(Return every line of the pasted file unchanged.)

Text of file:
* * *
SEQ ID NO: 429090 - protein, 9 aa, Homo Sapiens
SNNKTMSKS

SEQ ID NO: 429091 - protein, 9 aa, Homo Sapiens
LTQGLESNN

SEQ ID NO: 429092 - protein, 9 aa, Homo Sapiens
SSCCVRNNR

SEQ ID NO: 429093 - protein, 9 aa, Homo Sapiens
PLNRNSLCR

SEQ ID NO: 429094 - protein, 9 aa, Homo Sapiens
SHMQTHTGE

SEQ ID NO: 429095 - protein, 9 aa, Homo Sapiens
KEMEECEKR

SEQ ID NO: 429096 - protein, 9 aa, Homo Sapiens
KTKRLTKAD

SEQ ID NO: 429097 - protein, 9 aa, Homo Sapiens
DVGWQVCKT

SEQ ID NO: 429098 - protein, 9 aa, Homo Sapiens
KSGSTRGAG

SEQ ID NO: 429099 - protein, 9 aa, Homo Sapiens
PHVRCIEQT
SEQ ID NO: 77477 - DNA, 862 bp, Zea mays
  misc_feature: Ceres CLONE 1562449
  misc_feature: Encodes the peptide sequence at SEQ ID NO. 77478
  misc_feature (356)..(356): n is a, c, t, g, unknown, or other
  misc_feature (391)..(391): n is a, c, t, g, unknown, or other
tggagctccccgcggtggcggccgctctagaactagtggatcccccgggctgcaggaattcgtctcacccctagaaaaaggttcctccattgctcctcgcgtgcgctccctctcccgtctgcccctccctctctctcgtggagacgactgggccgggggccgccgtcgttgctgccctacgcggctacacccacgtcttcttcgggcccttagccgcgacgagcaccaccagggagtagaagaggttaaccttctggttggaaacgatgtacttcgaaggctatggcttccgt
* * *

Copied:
SEQ ID NO: 429090 - protein, 9 aa, Homo Sapiens
SNNKTMSKS

SEQ ID NO: 429091 - protein, 9 aa, Homo Sapiens
LTQGLESNN

SEQ ID NO: 429092 - protein, 9 aa, Homo Sapiens
SSCCVRNNR

SEQ ID NO: 429093 - protein, 9 aa, Homo Sapiens
PLNRNSLCR

SEQ ID NO: 429094 - protein, 9 aa, Homo Sapiens
SHMQTHTGE

SEQ ID NO: 429095 - protein, 9 aa, Homo Sapiens
KEMEECEKR

SEQ ID NO: 429096 - protein, 9 aa, Homo Sapiens
KTKRLTKAD

SEQ ID NO: 429097 - protein, 9 aa, Homo Sapiens
DVGWQVCKT

SEQ ID NO: 429098 - protein, 9 aa, Homo Sapiens
KSGSTRGAG

SEQ ID NO: 429099 - protein, 9 aa, Homo Sapiens
PHVRCIEQT
SEQ ID NO: 77477 - DNA, 862 bp, Zea mays
  misc_feature: Ceres CLONE 1562449
  misc_feature: Encodes the peptide sequence at SEQ ID NO. 77478
  misc_feature (356)..(356): n is a, c, t, g, unknown, or other
  misc_feature (391)..(391): n is a, c, t, g, unknown, or other
tggagctccccgcggtggcggccgctctagaactagtggatcccccgggctgcaggaattcgtctcacccctagaaaaaggttcctccattgctcctcgcgtgcgctccctctcccgtctgcccctccctctctctcgtggagacgactgggccgggggccgccgtcgttgctgccctacgcggctacacccacgtcttcttcgggcccttagccgcgacgagcaccaccagggagtagaagaggttaaccttctggttggaaacgatgtacttcgaaggctatggcttccgt